Additionally, IT due diligence can help identify potential compliance issues. It will highlight if there is non-compliance with GDPR or HIPAA regulations. Non-compliance with these laws can lead to significant fines, legal action and loss of reputation. Understanding a company’s ability to manage its data is essential before entering any deal.
What Does Due Diligence Look Like in Practice? Here’s an IT Due Diligence Checklist!
When undertaking an IT due diligence M&A, there are several areas you should be working through. The following is not an exhaustive list but should provide a solid base to develop your review process. and produce a due diligence report that will satisfy your stakeholders, stockholders and senior management team. As with everything in business, do your research and speak with your legal and financial advisors to ensure your m&a due diligence checklist covers everything you need to make an informed decision.
M&A IT Due Diligence Checklist
- Review Their Cybersecurity Measures
This is critical for the reasons already stated in this article. Without adequate cybersecurity measures, you’re open to data loss, legal action and loss of reputation. What software do they use to run their business, and is it up to date and fit for purpose? What security measures do they have in place, i.e., firewalls and spam checkers? What are their policies for data management and protection? How compliant are staff with these policies and processes? What data do they handle, and is any of it confidential?
- Network Infrastructure
Any IT due diligence process should assess a company’s network infrastructure. How are their physical and virtual networks constructed, what internet connectivity do they have and do they use data centers? The security and stability of these systems should be evaluated to ensure they are compatible with the existing systems of the company they are being merged with. If there are compatibility issues, a plan can be made to manage the merging of the two systems that mitigates any risks.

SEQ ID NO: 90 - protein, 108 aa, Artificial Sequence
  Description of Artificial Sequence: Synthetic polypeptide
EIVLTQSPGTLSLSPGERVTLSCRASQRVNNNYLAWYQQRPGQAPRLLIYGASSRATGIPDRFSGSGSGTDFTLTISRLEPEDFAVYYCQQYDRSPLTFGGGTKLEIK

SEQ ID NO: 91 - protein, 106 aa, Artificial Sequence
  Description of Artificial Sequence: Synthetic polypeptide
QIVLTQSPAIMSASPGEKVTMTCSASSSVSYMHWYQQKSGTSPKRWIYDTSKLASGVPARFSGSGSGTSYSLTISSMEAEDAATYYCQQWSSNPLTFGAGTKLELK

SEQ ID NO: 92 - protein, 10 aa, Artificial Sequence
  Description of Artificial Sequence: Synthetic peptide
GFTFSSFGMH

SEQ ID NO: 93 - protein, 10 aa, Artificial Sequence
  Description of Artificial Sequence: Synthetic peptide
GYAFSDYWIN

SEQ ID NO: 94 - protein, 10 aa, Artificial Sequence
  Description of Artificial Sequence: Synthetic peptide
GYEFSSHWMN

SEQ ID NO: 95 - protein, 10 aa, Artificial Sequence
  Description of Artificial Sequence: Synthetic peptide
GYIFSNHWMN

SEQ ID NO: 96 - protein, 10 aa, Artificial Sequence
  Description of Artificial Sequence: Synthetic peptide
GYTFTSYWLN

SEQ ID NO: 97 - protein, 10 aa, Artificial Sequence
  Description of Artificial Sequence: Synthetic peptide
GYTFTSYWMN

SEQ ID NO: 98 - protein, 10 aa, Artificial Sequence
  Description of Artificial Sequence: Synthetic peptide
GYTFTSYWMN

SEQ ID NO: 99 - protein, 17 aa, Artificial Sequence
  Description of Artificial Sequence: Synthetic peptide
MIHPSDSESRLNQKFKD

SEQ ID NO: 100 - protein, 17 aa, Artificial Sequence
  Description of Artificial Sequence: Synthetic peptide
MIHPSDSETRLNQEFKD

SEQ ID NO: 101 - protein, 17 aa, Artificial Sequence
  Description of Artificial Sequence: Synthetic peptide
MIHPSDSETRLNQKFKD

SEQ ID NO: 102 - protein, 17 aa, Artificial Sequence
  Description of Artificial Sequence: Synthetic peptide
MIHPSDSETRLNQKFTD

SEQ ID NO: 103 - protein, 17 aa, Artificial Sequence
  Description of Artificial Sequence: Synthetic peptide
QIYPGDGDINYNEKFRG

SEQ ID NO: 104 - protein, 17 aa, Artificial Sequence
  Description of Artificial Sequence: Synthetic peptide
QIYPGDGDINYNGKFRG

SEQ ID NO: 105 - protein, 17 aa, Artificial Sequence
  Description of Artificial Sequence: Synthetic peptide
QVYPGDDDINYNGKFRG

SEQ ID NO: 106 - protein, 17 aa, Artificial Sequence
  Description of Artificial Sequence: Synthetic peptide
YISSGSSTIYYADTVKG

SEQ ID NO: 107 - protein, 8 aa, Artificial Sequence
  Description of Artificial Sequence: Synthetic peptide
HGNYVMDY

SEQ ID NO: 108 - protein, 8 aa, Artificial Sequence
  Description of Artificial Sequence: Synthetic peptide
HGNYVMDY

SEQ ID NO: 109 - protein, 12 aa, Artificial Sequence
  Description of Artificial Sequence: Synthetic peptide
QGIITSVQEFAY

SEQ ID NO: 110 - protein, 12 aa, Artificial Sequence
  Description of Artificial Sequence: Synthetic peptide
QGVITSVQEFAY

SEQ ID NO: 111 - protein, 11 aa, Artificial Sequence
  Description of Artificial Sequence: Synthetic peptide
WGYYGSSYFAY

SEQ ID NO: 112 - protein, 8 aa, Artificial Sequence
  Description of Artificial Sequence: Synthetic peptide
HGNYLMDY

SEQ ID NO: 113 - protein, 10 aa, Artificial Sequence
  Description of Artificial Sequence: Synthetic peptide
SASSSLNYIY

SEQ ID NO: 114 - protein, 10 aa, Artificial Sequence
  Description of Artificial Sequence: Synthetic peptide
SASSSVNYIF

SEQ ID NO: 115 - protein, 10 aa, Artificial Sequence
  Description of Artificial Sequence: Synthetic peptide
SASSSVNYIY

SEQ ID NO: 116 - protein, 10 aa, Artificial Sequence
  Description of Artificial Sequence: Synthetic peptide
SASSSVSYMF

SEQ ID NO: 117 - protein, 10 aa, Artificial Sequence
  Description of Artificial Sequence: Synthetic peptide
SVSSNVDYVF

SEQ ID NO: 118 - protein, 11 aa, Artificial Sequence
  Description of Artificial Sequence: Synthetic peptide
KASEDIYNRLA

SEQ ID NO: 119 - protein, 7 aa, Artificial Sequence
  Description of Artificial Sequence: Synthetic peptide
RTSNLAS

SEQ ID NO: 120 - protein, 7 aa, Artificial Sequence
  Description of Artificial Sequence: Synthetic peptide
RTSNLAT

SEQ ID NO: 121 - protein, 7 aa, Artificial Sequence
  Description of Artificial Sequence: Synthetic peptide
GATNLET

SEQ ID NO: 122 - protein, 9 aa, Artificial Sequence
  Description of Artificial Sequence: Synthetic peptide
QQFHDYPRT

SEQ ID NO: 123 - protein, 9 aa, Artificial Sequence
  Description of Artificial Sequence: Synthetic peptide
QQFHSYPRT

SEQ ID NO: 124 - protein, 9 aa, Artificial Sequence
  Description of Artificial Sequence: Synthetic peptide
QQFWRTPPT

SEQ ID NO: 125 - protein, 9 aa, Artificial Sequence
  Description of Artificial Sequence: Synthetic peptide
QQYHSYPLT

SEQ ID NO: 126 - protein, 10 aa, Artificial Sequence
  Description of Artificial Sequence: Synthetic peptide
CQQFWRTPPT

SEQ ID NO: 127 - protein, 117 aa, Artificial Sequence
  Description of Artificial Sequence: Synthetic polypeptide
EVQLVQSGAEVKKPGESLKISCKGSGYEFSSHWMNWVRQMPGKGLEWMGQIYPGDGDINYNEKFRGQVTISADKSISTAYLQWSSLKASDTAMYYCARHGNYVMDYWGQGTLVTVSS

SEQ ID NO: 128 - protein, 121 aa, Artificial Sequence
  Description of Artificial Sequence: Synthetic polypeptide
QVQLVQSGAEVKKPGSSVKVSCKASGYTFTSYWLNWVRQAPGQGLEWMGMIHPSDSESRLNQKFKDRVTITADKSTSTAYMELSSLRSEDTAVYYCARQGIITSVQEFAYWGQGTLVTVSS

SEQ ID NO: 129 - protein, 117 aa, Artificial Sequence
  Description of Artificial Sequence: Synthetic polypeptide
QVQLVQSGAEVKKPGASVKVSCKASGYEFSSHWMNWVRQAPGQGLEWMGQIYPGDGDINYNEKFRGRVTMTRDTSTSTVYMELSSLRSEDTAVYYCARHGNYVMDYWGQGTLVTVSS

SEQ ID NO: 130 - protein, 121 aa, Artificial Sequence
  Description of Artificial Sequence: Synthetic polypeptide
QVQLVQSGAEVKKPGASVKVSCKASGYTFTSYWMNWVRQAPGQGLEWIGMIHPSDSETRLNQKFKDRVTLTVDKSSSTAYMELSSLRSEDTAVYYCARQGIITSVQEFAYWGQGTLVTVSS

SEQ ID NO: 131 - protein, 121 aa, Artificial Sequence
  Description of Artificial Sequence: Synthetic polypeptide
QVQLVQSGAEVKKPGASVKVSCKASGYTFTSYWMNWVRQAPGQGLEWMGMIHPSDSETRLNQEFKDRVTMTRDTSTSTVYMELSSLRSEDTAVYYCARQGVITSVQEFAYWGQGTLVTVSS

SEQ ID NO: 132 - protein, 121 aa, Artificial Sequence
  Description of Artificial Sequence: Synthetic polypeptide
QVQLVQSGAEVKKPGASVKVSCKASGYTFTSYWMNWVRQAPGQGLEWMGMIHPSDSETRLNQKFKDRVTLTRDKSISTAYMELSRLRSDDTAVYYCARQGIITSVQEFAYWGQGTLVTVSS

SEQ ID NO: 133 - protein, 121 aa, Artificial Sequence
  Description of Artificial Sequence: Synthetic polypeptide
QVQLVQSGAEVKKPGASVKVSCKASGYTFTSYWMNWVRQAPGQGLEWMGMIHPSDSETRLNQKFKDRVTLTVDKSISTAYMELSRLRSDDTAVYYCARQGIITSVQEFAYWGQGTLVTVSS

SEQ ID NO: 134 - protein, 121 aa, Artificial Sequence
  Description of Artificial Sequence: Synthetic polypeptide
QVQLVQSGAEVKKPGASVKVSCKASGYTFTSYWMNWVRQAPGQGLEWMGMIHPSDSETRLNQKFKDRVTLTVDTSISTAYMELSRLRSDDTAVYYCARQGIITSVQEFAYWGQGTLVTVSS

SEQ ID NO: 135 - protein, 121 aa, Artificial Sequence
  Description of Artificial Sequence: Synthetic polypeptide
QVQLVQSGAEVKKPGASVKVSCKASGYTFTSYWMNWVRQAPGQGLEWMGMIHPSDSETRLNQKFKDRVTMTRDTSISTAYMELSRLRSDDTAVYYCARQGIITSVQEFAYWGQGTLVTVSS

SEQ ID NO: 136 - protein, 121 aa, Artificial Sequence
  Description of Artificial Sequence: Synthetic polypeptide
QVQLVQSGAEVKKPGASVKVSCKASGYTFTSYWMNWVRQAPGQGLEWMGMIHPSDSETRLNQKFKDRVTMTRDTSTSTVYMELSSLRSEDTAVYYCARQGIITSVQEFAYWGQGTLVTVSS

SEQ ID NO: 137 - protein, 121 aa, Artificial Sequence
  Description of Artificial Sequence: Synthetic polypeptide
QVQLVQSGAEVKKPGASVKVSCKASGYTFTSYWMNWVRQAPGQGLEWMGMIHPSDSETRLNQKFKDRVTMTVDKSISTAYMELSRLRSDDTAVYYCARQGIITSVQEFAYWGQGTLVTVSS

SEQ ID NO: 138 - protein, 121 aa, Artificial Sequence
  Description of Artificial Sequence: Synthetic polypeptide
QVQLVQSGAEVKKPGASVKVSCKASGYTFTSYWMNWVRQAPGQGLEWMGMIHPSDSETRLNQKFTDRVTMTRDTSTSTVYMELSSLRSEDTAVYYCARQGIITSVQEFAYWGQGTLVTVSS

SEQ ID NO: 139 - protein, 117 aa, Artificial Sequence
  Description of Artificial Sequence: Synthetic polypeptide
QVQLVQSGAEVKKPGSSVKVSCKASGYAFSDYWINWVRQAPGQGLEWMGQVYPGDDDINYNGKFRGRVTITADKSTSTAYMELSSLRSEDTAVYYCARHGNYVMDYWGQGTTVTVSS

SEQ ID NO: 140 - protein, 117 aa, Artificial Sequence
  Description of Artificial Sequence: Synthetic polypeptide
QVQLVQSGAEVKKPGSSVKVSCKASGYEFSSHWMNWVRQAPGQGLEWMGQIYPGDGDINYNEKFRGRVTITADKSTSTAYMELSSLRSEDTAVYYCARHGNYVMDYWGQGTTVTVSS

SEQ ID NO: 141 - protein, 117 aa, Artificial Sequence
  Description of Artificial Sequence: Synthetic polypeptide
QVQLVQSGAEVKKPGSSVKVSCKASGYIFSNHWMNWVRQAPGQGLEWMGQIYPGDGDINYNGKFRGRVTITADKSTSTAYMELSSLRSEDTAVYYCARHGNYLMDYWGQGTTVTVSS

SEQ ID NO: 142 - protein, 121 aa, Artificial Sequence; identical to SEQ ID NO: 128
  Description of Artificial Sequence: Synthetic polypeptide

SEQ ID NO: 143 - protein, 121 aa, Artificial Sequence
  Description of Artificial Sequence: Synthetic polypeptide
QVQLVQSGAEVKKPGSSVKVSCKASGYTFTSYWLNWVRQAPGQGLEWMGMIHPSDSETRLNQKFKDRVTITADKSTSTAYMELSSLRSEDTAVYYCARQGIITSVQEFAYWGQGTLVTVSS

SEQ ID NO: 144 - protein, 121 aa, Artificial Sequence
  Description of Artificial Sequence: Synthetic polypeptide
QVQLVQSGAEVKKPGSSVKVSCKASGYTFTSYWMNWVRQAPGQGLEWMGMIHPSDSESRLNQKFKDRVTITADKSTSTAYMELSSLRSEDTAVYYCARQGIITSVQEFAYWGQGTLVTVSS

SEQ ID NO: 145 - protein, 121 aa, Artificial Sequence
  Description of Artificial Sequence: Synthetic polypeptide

- Evaluate IT Operations
Things to think about and assess include their helpdesk support, how they manage and monitor their network and their disaster recovery processes. These systems need to be efficient, effective and able to support the needs of the merged company and any subsidiaries that exist.
- Software and Applications
What software and applications are they using? What’s essential for running the company, and is there anything that can be cut? Subscription and maintenance costs will also need to be considered. Are there cheaper (but equally effective) alternatives? Do they have in-house bespoke systems and software? How is this managed and maintained? How secure is this software? How do these systems fit in with your existing systems?
- Data Management
This is crucial. All companies handle data in some way, although not all companies hold confidential or private data. What are their backup and recovery procedures? How do they store their data, and what data security measures do they have in place? I’ve already touched on legal obligations when handling data. Still, it’s worth mentioning again — their compliance with data protection laws is vital to assess and understand so that you are aware of any potential breaches or risks and can put processes in place to mitigate these.
When assessing IT systems, assessing the people involved is not necessarily the first thing that comes to mind. However, people are an integral part of any IT system as they run and support that system. Things to think about here include what training processes are in place to train and support staff using these systems. How will these systems be ported across to your newly merged company? Is there documentation relating to these systems, and are there individuals who are single points of failure?
Bringing It All Together — The Importance of Conducting IT Due Diligence
Conducting IT due diligence for a merger can be a complex process. That’s why working with a team with the expertise and experience to assess the target company’s technology systems and processes is essential.
IT due diligence is critical for all mergers, even for the smallest companies. A robust due diligence process will help you thoroughly evaluate the validity of a merger and make sure you know what the risks are before merging the two companies.
A thorough and unbiased assessment of your target company’s technology infrastructure will ensure there are no surprises and help you build a solid transition process that protects and supports all those involved.